Production of the Eclipse 500 very light jet is rapidly ramping up. And, thanks to a healthy capital infusion from Eclipse´s new Dutch partner, ETIRC Aviation, the Albuquerque startup is no longer scrambling to find operating funds, said CEO Vern Raburn.
"We´re seeing progress on all fronts," Raburn said. "The beginning of this year feels very different from the beginning of 2007."
Last year, production was crippled by supply problems, such as a switch in avionics manufacturers, plus alterations in the plane´s aerodynamic structure. Those changes led to time-consuming applications for upgraded certification from the Federal Aviation Administration just as the company was struggling to build its assembly line.
Eclipse managed to produce just 30 planes by June 2007. Although output rose substantially later -- reaching 104 jets by year-end -- production remained well below the 500 planes the company had planned to build last year. That, in turn, caused cash-flow problems, forcing Eclipse to seek fresh capital investments.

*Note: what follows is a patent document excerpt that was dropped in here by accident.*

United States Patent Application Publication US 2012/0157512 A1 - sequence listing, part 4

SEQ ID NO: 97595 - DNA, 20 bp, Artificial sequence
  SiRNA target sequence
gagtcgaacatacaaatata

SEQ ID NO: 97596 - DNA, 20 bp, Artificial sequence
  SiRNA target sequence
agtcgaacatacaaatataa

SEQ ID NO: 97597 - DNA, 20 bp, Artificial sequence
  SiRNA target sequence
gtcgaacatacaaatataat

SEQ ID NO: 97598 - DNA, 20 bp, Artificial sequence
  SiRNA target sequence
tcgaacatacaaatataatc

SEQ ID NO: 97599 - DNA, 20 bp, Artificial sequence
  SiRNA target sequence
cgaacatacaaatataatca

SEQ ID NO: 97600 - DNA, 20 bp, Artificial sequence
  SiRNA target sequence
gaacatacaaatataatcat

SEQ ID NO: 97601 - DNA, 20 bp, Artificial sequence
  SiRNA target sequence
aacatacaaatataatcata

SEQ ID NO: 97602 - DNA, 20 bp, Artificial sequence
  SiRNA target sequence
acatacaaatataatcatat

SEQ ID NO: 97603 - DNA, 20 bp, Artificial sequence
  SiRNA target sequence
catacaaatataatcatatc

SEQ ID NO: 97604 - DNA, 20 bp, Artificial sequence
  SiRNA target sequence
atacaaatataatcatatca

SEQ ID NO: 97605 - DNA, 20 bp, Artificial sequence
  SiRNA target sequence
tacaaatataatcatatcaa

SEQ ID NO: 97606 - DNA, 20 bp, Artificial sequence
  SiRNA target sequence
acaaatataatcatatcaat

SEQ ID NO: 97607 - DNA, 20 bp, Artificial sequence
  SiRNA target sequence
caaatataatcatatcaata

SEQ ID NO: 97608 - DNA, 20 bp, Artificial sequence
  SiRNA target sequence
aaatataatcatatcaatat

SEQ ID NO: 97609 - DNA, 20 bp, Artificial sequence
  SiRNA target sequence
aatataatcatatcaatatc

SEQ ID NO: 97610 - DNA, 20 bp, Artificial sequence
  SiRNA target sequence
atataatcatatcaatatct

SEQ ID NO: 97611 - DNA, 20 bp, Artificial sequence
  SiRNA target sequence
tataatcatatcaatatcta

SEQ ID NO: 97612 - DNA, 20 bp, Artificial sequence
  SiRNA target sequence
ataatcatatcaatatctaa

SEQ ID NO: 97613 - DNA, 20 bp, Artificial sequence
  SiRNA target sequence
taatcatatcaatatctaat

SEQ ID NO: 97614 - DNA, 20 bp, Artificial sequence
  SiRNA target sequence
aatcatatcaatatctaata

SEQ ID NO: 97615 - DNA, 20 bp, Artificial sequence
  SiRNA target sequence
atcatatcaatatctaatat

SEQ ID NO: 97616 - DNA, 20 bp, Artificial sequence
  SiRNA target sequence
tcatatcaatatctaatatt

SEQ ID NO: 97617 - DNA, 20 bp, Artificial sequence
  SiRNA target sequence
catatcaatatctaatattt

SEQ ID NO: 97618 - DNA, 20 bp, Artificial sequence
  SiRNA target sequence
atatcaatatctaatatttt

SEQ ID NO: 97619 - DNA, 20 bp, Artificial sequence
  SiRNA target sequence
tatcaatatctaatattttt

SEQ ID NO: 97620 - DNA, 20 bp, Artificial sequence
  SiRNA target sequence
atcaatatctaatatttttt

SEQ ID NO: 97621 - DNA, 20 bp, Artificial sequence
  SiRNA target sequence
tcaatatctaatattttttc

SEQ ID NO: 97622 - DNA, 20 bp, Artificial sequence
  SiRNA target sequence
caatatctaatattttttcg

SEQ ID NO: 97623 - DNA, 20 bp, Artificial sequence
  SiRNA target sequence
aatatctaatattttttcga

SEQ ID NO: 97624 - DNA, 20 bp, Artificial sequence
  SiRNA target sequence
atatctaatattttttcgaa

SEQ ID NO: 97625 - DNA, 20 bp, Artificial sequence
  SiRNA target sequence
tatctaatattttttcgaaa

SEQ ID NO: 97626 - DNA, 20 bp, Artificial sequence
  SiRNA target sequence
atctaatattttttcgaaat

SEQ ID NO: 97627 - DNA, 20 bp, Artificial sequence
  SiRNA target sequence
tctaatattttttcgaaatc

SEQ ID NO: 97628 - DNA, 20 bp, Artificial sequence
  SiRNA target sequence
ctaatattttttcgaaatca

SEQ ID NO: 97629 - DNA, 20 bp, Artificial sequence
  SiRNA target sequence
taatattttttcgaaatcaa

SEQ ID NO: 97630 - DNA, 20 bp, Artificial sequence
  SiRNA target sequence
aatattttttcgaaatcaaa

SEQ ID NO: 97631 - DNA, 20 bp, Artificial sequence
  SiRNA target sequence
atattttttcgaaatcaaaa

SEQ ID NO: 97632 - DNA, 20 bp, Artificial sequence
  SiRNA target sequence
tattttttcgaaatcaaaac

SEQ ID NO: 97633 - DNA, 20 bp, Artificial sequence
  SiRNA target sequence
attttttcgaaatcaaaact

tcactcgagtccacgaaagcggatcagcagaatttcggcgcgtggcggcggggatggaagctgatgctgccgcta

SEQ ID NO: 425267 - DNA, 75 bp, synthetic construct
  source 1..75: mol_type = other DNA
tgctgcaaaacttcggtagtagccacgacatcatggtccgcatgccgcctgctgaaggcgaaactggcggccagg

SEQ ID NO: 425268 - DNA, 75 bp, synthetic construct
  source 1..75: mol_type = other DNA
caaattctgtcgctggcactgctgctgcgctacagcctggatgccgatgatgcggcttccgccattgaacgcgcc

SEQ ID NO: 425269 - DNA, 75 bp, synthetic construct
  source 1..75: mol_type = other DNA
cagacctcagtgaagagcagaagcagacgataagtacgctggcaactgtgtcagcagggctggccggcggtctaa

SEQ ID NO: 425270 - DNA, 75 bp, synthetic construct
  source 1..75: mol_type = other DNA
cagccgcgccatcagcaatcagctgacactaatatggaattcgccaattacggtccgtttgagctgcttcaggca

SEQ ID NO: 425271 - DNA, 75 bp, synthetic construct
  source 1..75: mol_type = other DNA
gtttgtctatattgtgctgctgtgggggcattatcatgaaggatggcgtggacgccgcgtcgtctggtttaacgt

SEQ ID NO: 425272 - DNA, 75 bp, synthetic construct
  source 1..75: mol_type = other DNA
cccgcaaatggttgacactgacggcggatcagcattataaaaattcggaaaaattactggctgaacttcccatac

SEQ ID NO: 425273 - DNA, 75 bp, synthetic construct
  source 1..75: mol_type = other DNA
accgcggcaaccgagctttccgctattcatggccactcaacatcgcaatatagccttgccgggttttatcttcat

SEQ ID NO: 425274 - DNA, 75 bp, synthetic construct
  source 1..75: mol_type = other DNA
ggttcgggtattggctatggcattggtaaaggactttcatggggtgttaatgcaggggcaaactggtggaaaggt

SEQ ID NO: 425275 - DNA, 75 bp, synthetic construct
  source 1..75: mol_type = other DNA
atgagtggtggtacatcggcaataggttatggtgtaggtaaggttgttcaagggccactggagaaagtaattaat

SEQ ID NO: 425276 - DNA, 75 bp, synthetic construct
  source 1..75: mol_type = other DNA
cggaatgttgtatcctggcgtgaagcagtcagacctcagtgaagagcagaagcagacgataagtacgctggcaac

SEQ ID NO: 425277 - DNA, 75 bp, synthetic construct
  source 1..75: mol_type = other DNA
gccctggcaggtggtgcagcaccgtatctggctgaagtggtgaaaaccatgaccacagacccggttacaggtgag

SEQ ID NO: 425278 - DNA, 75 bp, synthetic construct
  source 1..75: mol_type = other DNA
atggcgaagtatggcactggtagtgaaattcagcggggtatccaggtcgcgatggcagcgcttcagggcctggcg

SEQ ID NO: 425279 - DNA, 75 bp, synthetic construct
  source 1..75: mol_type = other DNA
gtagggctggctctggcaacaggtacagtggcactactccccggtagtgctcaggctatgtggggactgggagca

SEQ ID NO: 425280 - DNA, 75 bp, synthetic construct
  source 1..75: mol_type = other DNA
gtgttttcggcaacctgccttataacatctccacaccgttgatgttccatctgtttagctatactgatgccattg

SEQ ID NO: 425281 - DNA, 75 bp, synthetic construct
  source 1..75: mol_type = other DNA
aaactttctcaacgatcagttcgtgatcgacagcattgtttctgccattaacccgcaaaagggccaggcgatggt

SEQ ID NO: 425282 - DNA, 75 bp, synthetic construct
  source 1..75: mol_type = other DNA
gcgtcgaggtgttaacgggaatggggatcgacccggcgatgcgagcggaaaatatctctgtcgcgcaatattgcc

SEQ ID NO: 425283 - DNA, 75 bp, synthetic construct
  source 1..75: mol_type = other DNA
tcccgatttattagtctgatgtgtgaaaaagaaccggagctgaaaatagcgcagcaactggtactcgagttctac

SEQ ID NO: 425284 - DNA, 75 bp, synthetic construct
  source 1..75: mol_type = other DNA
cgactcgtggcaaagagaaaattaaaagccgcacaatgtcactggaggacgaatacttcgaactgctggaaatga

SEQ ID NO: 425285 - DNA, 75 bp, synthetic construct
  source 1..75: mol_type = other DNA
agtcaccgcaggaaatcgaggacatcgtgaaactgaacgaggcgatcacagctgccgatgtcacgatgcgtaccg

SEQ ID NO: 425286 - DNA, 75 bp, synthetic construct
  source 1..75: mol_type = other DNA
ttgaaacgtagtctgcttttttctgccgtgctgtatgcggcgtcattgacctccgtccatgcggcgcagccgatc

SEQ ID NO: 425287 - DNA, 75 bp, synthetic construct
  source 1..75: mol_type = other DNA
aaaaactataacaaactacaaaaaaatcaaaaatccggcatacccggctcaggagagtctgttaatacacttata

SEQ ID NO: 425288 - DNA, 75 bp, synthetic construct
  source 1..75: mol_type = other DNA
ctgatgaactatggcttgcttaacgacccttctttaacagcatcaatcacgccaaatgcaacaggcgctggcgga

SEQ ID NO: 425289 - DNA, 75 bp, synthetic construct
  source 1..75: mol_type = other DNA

In the fall, however, the company received federal certification for its aerodynamic and avionics upgrades. And, in January, it announced an expanded partnership with ETIRC, which until now had represented Eclipse solely in Eastern European markets.
The Dutch firm agreed to invest more than $ 100 million in Eclipse. It will manage Eclipse business in all of Europe, providing sales, customer service, maintenance support and flight training in about 60 countries. It will also establish an Eclipse jet assembly plant in Russia in 2009.
The capital infusion from ETIRC helped resolve Eclipse´s cash crunch, said Fred George, senior editor with the monthly magazine Business & Commercial Aviation.
"The influx of money has really thrown them a life preserver at a critical time," George said. "Much work remains to be done, but they now have the resources to accomplish a lot of the tasks ahead."
And production is way up. Forty new planes came off the assembly line in January and February, meaning the company built, in just two months, nearly half the number of jets it made in all of 2007.